Ezekiel 20:1 Now in the seventh year, in the fifth month, on the tenth of the month, certain of the elders of Israel came to inquire of the LORD, and sat before me. And the word of the LORD came to me saying, “Son of man, speak to the elders of Israel and say to them, ‘Thus says the Lord GOD, “Do you come to inquire of Me? As I live,” declares the Lord GOD, “I will not be inquired of by you.”‘
Chapter 20 of Ezekiel repeats the litany of abominations, rebellions, apostasies, and perversions that Israel has committed and wallowed in since He brought them out of Egypt a millennia ago. But certain leaders of Israel among the Diaspora now come to Ezekiel to ask for a word from the Lord, as if they were really interested in knowing what God had to say to them, as if their hearts really leaned to the things of the Spirit. As if they really would follow any of God’s words and teachings. Just like they had all those hundreds of years before. They must have expected to hear their fantasies confirmed.
It reminds me of churchgoers, coming to church Sunday after Sunday, because that is what they have always done. It is in their culture, to follow the rules and regulations. It defines their spirituality, that they honor the ceremonies and customs handed down from their fathers for generations. But for the most part it is a mere following of form and custom. Like going to work, like having he same thing for breakfast each morning. It is mere habit. As long as they follow the rules and regulations they satisfy the spiritual requirements their religion requires and they are absolved of all their sins by the hour or so spent in a church building each Sunday. Philip Schaff write of this life, “Piety which should proceed from a living union of the soul with Christ and a consecration of character, was turned outward and reduced to a round of mechanical performances such as the recital of Paternosters and Avemarias, fasting, alms-giving, confession to the priest, and pilgrimage to a holy shrine. Good works were measured by the quantity rather than the quality, and vitiated by the principle of meritoriousness which appealed to the selfish motive of reward.” * I can relate, I was one of them for my entire youth, being an alter boy, assisting at Mass in Latin, memorizing the requisite Latin, bows, genuflections, tinkling of bells. Not having the least inkling of the power of the Gospel that remained concealed by the fog of my own selfish heart.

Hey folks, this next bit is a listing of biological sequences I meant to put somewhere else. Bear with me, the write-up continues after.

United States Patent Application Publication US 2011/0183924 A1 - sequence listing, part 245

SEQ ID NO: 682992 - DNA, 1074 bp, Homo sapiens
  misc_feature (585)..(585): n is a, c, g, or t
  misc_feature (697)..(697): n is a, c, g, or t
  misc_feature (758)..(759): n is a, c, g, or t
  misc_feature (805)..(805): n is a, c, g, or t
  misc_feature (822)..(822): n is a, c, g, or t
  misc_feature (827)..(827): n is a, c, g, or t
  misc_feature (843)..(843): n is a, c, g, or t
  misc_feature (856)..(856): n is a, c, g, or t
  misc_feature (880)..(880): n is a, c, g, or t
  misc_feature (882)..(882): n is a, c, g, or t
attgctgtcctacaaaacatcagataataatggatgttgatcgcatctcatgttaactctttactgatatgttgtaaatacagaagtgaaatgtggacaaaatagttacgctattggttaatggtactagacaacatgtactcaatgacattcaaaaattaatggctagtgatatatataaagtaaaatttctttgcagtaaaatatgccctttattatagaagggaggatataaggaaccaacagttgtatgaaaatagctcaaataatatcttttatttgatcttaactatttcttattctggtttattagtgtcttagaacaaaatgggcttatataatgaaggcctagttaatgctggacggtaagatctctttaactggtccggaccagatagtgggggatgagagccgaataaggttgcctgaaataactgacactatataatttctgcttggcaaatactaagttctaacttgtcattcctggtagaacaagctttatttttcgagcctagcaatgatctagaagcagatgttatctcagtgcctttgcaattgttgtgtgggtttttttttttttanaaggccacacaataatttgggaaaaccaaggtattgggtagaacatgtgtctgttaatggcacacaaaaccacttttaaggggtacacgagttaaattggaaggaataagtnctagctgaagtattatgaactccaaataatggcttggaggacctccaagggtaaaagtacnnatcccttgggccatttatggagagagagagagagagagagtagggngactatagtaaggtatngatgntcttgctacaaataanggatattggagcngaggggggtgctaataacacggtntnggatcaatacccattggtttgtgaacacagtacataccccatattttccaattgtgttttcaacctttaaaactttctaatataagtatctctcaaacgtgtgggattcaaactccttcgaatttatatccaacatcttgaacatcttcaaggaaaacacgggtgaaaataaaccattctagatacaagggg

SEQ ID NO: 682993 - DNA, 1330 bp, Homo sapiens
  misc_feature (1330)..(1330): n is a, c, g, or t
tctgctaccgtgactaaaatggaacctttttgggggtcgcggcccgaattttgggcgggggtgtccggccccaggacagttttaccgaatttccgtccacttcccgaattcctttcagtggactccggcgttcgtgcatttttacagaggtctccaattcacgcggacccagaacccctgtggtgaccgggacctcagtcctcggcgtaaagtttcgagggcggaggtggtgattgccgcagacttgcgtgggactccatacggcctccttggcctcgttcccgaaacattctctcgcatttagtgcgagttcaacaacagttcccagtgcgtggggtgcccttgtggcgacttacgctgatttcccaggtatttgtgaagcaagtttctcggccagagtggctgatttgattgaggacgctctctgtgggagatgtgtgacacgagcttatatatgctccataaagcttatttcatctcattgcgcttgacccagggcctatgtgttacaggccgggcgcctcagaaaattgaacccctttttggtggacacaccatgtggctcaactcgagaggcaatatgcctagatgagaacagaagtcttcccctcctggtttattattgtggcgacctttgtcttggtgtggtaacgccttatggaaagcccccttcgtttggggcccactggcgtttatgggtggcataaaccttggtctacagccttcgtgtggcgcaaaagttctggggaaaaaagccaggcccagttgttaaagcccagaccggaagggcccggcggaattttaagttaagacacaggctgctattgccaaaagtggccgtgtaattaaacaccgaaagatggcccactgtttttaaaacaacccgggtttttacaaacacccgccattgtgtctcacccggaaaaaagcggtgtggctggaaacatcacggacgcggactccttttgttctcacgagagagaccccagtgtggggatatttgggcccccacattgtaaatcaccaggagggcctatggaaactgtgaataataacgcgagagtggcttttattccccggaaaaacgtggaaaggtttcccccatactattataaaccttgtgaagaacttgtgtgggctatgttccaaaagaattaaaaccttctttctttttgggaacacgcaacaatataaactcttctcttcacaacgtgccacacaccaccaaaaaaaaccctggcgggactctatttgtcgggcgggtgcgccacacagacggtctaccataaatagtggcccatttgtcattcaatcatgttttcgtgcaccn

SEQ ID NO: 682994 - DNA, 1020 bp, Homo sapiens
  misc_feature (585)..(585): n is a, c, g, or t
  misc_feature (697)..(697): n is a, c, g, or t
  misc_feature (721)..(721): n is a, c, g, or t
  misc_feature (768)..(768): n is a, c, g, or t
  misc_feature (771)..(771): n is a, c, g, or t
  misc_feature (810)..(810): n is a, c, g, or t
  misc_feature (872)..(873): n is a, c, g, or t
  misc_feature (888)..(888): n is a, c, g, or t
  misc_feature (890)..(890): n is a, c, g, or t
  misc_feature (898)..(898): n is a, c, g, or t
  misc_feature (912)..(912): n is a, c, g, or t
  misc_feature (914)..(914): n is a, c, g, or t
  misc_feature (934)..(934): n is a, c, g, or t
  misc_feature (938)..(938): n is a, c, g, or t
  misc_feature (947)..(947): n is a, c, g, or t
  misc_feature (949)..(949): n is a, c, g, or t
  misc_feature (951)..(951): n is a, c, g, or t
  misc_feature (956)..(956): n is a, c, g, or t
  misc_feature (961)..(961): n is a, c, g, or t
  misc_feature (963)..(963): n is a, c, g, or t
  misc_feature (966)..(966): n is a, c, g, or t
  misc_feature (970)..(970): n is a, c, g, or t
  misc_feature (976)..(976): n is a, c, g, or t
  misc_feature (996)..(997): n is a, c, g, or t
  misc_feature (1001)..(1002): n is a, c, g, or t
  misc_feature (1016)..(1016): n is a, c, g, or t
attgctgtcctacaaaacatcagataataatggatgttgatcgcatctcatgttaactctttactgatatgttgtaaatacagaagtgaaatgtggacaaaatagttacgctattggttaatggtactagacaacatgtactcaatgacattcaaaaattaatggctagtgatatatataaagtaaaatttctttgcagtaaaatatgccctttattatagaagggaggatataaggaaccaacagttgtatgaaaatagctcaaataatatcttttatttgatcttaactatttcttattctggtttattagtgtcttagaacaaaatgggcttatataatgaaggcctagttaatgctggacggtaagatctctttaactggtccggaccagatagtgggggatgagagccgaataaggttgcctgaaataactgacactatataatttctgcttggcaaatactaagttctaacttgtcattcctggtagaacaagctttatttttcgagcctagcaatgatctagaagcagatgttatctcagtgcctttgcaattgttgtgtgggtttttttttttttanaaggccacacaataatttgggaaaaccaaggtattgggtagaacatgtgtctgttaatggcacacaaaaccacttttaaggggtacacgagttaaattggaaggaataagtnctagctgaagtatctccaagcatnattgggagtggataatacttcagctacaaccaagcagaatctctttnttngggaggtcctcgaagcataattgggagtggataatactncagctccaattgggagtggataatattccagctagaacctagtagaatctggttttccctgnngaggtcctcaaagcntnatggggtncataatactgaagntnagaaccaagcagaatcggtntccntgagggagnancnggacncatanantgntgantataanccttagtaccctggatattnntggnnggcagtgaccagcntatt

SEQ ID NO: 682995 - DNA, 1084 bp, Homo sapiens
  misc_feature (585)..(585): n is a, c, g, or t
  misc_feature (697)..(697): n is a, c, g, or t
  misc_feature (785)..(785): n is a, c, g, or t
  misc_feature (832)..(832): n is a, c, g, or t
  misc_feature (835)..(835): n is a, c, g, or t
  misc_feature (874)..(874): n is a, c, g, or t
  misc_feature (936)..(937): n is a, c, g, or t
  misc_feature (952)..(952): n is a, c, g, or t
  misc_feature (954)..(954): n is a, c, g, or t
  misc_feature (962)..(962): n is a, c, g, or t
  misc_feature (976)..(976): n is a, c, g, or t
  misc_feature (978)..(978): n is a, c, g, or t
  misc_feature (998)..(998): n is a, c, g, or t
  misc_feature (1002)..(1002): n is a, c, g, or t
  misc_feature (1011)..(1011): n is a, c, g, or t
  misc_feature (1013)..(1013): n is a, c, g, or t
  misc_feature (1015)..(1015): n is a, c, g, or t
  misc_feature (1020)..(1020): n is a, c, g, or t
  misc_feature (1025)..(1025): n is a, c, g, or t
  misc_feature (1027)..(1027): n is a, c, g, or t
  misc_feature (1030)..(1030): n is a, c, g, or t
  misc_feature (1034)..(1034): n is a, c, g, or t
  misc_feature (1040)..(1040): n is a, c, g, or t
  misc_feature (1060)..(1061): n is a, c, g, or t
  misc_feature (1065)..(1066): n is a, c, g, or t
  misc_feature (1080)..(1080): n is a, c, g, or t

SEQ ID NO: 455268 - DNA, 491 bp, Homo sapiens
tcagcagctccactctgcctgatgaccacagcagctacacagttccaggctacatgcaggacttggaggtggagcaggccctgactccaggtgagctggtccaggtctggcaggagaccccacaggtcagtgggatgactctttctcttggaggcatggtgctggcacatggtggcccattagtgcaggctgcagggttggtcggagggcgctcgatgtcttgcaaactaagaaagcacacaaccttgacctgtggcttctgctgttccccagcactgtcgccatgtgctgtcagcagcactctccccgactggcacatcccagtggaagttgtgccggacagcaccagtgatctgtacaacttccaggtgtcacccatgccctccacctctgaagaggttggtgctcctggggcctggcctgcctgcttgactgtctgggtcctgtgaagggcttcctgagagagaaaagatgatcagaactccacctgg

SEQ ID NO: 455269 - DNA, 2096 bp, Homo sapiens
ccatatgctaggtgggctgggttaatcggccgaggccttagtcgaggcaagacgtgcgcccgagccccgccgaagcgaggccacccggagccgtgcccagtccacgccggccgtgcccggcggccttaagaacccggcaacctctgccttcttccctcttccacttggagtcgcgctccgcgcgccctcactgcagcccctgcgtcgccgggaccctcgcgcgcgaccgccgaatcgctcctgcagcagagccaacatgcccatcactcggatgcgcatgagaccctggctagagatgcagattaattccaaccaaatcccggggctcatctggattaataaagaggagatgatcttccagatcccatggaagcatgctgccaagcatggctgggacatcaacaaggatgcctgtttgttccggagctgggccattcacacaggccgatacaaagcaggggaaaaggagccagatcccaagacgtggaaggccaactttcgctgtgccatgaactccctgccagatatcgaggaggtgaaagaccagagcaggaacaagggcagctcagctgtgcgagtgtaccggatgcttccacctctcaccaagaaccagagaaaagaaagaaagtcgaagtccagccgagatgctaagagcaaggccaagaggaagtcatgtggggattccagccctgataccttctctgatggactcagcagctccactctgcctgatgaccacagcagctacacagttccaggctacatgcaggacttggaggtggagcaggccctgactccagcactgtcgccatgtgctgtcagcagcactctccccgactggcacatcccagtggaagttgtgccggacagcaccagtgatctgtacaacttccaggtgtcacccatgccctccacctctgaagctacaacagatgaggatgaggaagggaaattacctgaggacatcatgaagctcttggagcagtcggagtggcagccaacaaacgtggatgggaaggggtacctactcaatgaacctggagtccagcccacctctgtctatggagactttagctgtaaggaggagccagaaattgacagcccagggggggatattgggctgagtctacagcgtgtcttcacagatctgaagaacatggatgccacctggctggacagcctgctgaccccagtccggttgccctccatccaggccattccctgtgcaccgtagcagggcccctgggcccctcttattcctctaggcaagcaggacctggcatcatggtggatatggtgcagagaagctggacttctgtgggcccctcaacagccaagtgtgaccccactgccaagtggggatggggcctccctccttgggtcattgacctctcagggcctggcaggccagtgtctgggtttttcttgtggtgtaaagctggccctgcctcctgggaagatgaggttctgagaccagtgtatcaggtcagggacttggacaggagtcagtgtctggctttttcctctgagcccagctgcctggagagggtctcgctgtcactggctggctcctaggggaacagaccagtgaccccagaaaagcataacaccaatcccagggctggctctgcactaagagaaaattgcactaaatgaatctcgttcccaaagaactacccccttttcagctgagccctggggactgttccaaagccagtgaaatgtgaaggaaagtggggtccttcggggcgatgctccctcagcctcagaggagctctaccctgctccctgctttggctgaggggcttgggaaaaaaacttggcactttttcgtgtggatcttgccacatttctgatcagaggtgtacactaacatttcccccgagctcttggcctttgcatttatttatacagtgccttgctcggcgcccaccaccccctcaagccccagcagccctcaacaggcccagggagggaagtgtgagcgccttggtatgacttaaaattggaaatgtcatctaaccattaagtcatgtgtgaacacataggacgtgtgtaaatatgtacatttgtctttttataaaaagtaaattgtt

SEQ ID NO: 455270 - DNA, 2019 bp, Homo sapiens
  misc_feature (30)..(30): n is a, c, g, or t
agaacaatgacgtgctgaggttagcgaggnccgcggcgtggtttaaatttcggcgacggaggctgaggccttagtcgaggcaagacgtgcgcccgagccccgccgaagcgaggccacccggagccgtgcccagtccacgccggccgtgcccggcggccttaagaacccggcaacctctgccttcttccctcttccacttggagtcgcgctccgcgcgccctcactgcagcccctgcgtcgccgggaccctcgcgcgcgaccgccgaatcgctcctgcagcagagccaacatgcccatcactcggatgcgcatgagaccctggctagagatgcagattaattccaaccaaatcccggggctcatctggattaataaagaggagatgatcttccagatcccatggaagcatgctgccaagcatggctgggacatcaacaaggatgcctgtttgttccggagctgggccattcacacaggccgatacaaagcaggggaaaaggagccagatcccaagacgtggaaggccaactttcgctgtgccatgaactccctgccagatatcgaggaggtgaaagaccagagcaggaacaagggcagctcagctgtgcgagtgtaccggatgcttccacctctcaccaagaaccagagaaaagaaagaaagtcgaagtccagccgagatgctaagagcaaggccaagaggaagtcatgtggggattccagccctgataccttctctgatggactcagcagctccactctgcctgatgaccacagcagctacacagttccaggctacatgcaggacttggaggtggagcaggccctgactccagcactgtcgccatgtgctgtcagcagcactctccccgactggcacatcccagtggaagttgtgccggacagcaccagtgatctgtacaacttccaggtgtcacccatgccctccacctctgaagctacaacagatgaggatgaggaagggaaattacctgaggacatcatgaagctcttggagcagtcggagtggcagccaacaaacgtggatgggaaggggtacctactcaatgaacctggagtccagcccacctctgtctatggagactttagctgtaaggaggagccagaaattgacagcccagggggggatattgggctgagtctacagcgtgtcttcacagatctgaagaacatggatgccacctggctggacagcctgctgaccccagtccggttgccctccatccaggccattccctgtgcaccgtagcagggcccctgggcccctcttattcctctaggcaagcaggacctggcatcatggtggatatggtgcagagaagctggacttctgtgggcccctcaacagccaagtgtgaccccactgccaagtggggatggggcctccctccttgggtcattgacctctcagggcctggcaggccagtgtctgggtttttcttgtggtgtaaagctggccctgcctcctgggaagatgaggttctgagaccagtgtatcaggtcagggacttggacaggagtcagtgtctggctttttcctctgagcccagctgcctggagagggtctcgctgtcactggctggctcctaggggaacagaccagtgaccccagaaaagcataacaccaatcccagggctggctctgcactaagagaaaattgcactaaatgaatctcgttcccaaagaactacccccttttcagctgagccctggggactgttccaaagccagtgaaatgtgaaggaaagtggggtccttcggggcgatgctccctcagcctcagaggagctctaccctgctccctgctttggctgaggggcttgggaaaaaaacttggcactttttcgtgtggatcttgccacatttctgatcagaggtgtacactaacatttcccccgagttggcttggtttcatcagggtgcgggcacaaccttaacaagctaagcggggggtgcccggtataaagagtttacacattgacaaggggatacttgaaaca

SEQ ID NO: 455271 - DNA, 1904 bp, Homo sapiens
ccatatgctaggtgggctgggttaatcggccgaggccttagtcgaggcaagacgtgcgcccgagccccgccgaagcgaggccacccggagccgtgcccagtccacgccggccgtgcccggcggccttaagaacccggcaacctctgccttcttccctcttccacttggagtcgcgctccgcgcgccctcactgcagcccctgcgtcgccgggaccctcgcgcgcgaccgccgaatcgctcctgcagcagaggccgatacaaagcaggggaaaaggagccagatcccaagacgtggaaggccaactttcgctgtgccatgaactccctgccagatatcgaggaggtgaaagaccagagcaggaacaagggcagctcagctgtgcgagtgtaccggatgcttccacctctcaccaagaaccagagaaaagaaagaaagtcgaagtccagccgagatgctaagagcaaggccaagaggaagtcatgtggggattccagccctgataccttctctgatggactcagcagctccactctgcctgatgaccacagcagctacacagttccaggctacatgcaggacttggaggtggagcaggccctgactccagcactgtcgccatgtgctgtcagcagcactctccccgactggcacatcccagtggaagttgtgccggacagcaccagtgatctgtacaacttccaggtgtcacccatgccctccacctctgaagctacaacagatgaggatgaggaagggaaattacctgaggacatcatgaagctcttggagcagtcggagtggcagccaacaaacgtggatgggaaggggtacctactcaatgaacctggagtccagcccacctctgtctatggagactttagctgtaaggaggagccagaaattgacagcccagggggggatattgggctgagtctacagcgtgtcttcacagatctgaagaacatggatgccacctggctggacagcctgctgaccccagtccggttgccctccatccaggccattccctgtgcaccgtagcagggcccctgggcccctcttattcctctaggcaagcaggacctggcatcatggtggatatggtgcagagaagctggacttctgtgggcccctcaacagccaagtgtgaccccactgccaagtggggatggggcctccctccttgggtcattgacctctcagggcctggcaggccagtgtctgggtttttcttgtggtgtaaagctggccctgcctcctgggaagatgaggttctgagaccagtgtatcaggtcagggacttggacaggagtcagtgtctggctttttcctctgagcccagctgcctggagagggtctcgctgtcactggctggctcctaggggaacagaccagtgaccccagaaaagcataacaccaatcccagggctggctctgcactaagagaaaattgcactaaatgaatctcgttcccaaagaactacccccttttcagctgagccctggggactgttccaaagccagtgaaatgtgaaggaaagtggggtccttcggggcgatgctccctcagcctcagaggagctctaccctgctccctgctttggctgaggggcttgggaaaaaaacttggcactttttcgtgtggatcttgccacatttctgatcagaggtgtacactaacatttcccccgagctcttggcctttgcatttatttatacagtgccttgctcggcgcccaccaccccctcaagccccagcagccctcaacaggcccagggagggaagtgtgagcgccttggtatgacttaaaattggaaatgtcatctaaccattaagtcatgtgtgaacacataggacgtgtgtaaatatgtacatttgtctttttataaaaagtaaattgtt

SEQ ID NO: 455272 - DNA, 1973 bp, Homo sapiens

But upon walking out of the gilded, stained-glass building all those trappings and constrictions of spirituality were quickly shed as impediments to living in the real word, and were quickly discarded like muddy boots on the porch. The vulgarity, blaspheming God’s name, evil attitudes and behaviors, drunkenness, abuses, continue unabated, as I witnessed the families walking before me. Just like these elders approaching Ezekiel asking for the word from the Lord while their hearts were far away.
God is not fooled. He is not mocked. Through Ezekiel He categorically states He will not be inquired of by these impostors.
It takes more than just entering a church building, chanting pious phrases from a missal, consuming a wafer, dipping fingertips in holy water, genuflecting, making the sign of the cross. It is the relationship of the heart, a walking with God (Micah 6:8). A living, breathing face to face, heart to heart with the Living God that redeems. No amount of ablutions or prayer book chanting by an unregenerate heart can draw one’s soul closer to God. Such an approach is arrogance and is nothing short of blasphemy. And the word of the Lord makes crystal clear in this chapter that such insolence will be utterly harshly dealt with. But in the quiet of your heart God is calling for repentance, to “know that I am the Lord your God.” So seek the Lord that you may live. Way back when God protected His people in the dessert He foretold of these days of exile because of their apostasy but promised them a way back: “But from there you will seek the LORD your God, and you will find Him if you search for Him with all your heart and all your soul. Deut. 4:29 With all their heart. With all their soul. Not the shallowness of habit. Not halfhearted laziness. But out of genuine care and concern and love, a driving motivation of firm purpose. Then He will be glad to be inquired of by that heart. And it will be a beautiful thing.
* Philip Schaff, History of the Christian Church, Volume VII. Modern Christianity. The
German Reformation, Charles Scribner’s Sons, 1910, p. 9
[Scriptures taken from the New American Standard Bible © 1995]